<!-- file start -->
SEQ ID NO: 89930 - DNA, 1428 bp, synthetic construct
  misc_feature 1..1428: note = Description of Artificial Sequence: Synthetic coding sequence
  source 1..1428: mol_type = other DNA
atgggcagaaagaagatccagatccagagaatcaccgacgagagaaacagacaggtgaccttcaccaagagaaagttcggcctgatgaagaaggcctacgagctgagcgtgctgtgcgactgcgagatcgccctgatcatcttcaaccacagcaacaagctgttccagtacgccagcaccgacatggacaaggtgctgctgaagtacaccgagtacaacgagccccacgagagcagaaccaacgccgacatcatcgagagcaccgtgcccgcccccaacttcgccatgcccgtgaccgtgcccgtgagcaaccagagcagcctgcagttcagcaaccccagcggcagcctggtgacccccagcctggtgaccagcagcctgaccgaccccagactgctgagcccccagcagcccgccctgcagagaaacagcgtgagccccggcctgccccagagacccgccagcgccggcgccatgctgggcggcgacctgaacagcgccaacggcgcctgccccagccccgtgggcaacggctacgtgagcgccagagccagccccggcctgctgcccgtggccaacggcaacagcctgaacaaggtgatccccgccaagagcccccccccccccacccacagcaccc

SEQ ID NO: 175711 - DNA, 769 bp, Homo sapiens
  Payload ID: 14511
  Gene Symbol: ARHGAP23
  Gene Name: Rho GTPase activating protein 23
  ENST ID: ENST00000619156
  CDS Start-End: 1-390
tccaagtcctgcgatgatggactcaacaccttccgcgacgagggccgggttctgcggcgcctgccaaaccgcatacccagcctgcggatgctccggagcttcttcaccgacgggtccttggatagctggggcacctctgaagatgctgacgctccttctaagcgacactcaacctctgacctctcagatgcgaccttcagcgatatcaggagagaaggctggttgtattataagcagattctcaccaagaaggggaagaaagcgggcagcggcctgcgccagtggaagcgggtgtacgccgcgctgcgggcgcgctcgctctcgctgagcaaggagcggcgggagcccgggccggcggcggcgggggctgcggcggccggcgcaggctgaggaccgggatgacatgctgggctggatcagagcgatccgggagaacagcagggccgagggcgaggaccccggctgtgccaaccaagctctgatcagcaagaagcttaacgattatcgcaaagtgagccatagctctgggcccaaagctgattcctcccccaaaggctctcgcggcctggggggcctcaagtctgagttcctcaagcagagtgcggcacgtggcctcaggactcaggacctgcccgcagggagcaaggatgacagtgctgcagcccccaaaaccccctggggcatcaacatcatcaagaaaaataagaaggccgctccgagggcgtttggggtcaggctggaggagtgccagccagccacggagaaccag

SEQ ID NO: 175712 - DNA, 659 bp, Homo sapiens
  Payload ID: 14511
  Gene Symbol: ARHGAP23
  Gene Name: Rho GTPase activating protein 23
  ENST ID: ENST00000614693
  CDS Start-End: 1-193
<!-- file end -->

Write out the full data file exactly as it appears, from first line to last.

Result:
SEQ ID NO: 89930 - DNA, 1428 bp, synthetic construct
  misc_feature 1..1428: note = Description of Artificial Sequence: Synthetic coding sequence
  source 1..1428: mol_type = other DNA
atgggcagaaagaagatccagatccagagaatcaccgacgagagaaacagacaggtgaccttcaccaagagaaagttcggcctgatgaagaaggcctacgagctgagcgtgctgtgcgactgcgagatcgccctgatcatcttcaaccacagcaacaagctgttccagtacgccagcaccgacatggacaaggtgctgctgaagtacaccgagtacaacgagccccacgagagcagaaccaacgccgacatcatcgagagcaccgtgcccgcccccaacttcgccatgcccgtgaccgtgcccgtgagcaaccagagcagcctgcagttcagcaaccccagcggcagcctggtgacccccagcctggtgaccagcagcctgaccgaccccagactgctgagcccccagcagcccgccctgcagagaaacagcgtgagccccggcctgccccagagacccgccagcgccggcgccatgctgggcggcgacctgaacagcgccaacggcgcctgccccagccccgtgggcaacggctacgtgagcgccagagccagccccggcctgctgcccgtggccaacggcaacagcctgaacaaggtgatccccgccaagagcccccccccccccacccacagcaccc

SEQ ID NO: 175711 - DNA, 769 bp, Homo sapiens
  Payload ID: 14511
  Gene Symbol: ARHGAP23
  Gene Name: Rho GTPase activating protein 23
  ENST ID: ENST00000619156
  CDS Start-End: 1-390
tccaagtcctgcgatgatggactcaacaccttccgcgacgagggccgggttctgcggcgcctgccaaaccgcatacccagcctgcggatgctccggagcttcttcaccgacgggtccttggatagctggggcacctctgaagatgctgacgctccttctaagcgacactcaacctctgacctctcagatgcgaccttcagcgatatcaggagagaaggctggttgtattataagcagattctcaccaagaaggggaagaaagcgggcagcggcctgcgccagtggaagcgggtgtacgccgcgctgcgggcgcgctcgctctcgctgagcaaggagcggcgggagcccgggccggcggcggcgggggctgcggcggccggcgcaggctgaggaccgggatgacatgctgggctggatcagagcgatccgggagaacagcagggccgagggcgaggaccccggctgtgccaaccaagctctgatcagcaagaagcttaacgattatcgcaaagtgagccatagctctgggcccaaagctgattcctcccccaaaggctctcgcggcctggggggcctcaagtctgagttcctcaagcagagtgcggcacgtggcctcaggactcaggacctgcccgcagggagcaaggatgacagtgctgcagcccccaaaaccccctggggcatcaacatcatcaagaaaaataagaaggccgctccgagggcgtttggggtcaggctggaggagtgccagccagccacggagaaccag

SEQ ID NO: 175712 - DNA, 659 bp, Homo sapiens
  Payload ID: 14511
  Gene Symbol: ARHGAP23
  Gene Name: Rho GTPase activating protein 23
  ENST ID: ENST00000614693
  CDS Start-End: 1-193